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publicationMay 5, 2022

2022 Global Gas Flaring Tracker Report

2022 gas flaring report


  • Gas flaring, the industry practice of burning natural gas associated with oil extraction, results from market and economic constraints and a lack of appropriate regulation and political will.
  • Efforts to reduce global gas flaring volumes have stalled over the last decade. Significant progress in some countries has not offset flaring increases in others.
  • The 2022 Global Gas Flaring Tracker Report produced by the World Bank’s Global Gas Flaring Reduction Partnership (GGFR) finds that the top 10 flaring countries accounted for 75 percent of all gas flared.

May 5, 2022  The 2022 Global Gas Flaring Tracker, a leading global and independent indicator of gas flaring, finds that reductions in both absolute flare volumes and flaring intensity have stalled in the last decade, despite strong early progress. Impressive reductions in some countries have not offset concerning increases in others.

The top 10 flaring countries accounted for 75 percent of all gas flaring and 50 percent of global oil production in 2021. Seven of the top 10 flaring countries have held this position consistently for the last 10 years: Russia, Iraq, Iran, the United States, Venezuela, Algeria, and Nigeria. The remaining three; Mexico, Libya, and China, have shown significant flaring increases in recent years.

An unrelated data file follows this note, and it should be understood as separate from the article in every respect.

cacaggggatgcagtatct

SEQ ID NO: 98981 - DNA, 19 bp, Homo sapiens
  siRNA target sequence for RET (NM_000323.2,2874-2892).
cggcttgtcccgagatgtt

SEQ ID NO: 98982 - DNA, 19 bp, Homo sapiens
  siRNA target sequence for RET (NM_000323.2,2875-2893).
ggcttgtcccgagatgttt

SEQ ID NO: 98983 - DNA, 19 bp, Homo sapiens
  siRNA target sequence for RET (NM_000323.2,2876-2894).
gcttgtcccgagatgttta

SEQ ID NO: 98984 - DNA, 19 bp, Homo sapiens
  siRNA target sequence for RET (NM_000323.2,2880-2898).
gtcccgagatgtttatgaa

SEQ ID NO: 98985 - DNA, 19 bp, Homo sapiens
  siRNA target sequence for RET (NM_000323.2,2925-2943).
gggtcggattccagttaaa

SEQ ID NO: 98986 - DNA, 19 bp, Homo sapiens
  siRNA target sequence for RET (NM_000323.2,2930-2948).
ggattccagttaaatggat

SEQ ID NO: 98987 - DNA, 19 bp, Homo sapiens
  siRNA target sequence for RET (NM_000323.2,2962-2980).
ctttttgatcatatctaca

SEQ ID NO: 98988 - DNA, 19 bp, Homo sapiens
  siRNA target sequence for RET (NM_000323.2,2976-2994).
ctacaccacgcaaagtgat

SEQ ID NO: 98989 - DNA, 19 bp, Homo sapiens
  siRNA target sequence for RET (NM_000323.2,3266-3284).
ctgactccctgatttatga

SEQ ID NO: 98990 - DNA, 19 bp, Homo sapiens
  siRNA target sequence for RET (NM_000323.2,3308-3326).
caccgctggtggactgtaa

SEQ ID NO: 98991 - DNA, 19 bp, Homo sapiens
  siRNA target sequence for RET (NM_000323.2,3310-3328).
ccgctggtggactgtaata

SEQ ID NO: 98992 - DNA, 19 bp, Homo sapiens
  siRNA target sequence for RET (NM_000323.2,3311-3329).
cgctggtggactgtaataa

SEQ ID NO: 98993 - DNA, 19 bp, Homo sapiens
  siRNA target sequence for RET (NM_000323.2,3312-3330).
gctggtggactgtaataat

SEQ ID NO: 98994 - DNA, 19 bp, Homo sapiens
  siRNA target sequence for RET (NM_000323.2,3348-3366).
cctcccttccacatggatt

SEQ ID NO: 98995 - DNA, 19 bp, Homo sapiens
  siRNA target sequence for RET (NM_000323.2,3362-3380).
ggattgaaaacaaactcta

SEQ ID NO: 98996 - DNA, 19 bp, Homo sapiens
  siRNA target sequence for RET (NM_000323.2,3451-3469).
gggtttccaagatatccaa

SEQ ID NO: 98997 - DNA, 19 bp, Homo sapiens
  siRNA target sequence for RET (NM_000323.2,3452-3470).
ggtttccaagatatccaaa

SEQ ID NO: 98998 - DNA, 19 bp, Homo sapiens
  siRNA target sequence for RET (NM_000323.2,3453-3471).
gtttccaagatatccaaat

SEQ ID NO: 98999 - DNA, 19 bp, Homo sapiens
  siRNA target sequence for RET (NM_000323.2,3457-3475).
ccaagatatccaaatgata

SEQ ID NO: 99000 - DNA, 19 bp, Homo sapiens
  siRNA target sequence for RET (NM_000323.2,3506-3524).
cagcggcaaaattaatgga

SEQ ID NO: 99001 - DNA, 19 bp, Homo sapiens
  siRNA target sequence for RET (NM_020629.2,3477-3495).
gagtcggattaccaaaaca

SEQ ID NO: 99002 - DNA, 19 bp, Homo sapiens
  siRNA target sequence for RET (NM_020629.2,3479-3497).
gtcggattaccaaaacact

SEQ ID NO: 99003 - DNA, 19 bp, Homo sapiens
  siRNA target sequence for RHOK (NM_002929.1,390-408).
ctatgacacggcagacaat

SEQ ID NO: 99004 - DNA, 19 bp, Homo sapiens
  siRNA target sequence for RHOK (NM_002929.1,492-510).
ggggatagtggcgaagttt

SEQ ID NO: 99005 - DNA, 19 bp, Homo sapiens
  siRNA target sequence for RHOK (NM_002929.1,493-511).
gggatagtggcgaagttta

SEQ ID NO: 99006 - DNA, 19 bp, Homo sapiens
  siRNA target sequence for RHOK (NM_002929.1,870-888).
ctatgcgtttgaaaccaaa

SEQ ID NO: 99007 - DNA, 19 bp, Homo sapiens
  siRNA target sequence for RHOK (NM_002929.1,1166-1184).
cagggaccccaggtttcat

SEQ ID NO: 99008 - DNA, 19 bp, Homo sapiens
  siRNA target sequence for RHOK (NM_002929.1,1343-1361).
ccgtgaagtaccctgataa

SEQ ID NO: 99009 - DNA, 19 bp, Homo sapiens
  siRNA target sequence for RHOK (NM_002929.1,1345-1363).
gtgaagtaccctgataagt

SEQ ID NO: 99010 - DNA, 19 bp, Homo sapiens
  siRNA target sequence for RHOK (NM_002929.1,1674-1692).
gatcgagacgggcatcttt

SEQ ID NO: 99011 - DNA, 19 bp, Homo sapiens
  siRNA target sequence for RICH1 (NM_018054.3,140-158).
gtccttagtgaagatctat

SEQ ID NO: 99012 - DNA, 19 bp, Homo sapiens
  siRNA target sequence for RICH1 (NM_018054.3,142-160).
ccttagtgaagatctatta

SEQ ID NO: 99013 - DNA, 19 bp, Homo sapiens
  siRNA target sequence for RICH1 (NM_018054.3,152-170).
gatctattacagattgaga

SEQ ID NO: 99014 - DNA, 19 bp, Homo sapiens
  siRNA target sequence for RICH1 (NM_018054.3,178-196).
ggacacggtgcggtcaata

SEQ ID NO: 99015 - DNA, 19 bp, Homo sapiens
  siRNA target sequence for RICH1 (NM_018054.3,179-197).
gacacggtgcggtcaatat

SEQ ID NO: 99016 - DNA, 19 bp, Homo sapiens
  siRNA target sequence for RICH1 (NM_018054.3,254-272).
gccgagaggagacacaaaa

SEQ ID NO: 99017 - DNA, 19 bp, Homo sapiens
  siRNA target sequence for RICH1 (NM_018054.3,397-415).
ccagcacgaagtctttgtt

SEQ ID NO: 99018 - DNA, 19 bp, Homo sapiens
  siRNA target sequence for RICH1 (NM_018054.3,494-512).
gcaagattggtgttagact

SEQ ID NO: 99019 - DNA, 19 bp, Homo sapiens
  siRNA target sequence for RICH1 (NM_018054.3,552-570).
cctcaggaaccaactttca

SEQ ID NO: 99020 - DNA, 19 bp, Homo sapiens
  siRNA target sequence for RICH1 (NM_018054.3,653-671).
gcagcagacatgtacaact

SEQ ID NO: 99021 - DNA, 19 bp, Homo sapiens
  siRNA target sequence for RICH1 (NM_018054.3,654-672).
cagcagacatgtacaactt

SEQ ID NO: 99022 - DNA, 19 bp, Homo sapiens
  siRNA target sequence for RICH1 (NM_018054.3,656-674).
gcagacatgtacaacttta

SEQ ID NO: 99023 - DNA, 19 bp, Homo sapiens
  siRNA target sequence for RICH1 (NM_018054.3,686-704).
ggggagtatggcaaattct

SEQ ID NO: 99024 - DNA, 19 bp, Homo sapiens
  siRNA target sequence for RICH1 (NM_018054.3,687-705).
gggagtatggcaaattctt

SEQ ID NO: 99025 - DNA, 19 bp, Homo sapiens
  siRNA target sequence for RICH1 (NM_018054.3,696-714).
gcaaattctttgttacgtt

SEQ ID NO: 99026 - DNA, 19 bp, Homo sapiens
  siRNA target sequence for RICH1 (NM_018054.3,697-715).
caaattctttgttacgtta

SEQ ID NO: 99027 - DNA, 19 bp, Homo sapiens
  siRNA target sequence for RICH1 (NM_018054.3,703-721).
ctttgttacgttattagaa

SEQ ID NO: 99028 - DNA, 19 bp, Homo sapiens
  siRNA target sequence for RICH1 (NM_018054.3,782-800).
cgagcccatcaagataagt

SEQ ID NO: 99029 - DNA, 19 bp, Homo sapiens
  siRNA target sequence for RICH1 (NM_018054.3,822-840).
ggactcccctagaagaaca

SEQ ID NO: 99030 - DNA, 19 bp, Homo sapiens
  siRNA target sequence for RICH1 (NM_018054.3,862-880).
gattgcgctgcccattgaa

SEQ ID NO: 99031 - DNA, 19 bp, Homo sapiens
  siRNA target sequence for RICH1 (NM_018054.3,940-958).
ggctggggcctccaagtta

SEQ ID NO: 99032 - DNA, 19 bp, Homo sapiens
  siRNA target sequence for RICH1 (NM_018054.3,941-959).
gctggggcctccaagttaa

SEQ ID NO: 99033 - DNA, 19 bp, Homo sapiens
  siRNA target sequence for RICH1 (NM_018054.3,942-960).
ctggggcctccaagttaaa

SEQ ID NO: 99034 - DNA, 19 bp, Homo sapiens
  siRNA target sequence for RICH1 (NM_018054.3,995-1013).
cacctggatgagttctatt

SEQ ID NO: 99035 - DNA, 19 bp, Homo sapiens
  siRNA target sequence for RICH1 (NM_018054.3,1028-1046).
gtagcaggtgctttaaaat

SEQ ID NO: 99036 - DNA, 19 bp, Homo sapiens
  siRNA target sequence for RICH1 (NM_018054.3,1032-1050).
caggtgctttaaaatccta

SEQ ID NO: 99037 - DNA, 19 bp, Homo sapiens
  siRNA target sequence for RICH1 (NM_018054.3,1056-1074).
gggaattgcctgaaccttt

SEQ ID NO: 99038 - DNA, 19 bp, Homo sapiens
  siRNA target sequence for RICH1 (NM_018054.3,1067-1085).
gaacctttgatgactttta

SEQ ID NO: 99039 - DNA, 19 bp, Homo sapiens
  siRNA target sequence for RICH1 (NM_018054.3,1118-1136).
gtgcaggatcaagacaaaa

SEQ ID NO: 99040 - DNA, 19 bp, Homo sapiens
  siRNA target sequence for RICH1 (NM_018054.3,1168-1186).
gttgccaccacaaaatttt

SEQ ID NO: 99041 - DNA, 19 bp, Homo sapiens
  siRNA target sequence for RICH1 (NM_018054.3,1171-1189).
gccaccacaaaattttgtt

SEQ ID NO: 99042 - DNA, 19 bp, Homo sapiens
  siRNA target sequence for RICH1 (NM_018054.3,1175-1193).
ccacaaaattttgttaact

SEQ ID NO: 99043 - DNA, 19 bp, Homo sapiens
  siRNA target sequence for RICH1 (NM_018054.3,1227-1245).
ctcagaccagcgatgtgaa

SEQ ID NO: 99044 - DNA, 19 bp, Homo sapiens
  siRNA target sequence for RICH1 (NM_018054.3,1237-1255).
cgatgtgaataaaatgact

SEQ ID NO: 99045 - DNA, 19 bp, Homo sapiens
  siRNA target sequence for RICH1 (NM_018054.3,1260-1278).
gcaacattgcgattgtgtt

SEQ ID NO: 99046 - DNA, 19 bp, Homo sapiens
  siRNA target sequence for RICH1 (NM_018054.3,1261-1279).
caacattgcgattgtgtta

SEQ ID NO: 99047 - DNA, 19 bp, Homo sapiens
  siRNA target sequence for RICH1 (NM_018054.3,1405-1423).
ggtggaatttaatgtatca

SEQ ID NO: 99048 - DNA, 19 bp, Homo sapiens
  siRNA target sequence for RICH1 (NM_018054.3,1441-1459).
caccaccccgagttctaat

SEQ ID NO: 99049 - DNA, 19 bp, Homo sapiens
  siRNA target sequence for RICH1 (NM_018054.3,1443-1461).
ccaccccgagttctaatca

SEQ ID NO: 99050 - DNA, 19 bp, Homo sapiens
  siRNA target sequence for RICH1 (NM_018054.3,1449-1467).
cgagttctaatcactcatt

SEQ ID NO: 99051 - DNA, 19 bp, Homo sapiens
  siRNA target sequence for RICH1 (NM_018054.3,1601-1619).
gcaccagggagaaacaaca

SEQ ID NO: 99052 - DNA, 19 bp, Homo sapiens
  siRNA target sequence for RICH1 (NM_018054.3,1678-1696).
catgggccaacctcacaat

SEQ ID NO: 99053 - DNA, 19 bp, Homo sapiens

In 2021, 144 billion cubic meters of gas was needlessly burnt in flares at upstream oil and gas facilities across the globe, resulting in approximately 400 million tons of carbon dioxide (CO2) equivalent emissions, of which 361 MMtCO2e was in the form of CO2 and 39 MMtCO2e was in the form of methane.

2022 gas flaring report

Ending this wasteful and polluting practice is central to the broader effort to decarbonization oil and gas production. Flaring and venting reduction play a critical role in mitigating emissions of methane, which is a more potent greenhouse gas than carbon dioxide: A kilogram of methane emitted into the atmosphere can trap more than 25 times more heat than a kilogram of emitted carbon dioxide. This raises the often-overlooked importance of integrating the decarbonization of the oil and gas sector into wider climate initiatives and discussions.

During flaring not all of the associated gas is burnt, and a relatively small amount of methane is released uncombusted. As such, efforts to reduce flaring lead to a direct reduction in methane emissions.  However, flaring elimination and gas utilization also play an important role in enabling the effective reduction of methane from other sources, such as venting and fugitive releases. In the absence of a strategy to manage and utilize the gas, these recovered emissions will ultimately be sent to flare and this important energy source will be wasted.  

Ending routine flaring at oil production sites is vital, both to reduce greenhouse gas emissions and to conserve the gas for productive purposes—for example to generate electricity in poor communities who rely on dirtier fuels for their energy needs.

Further analysis of the policies driving successful flaring reduction can be found in GGFR's latest review of Global Flaring and Venting Regulations.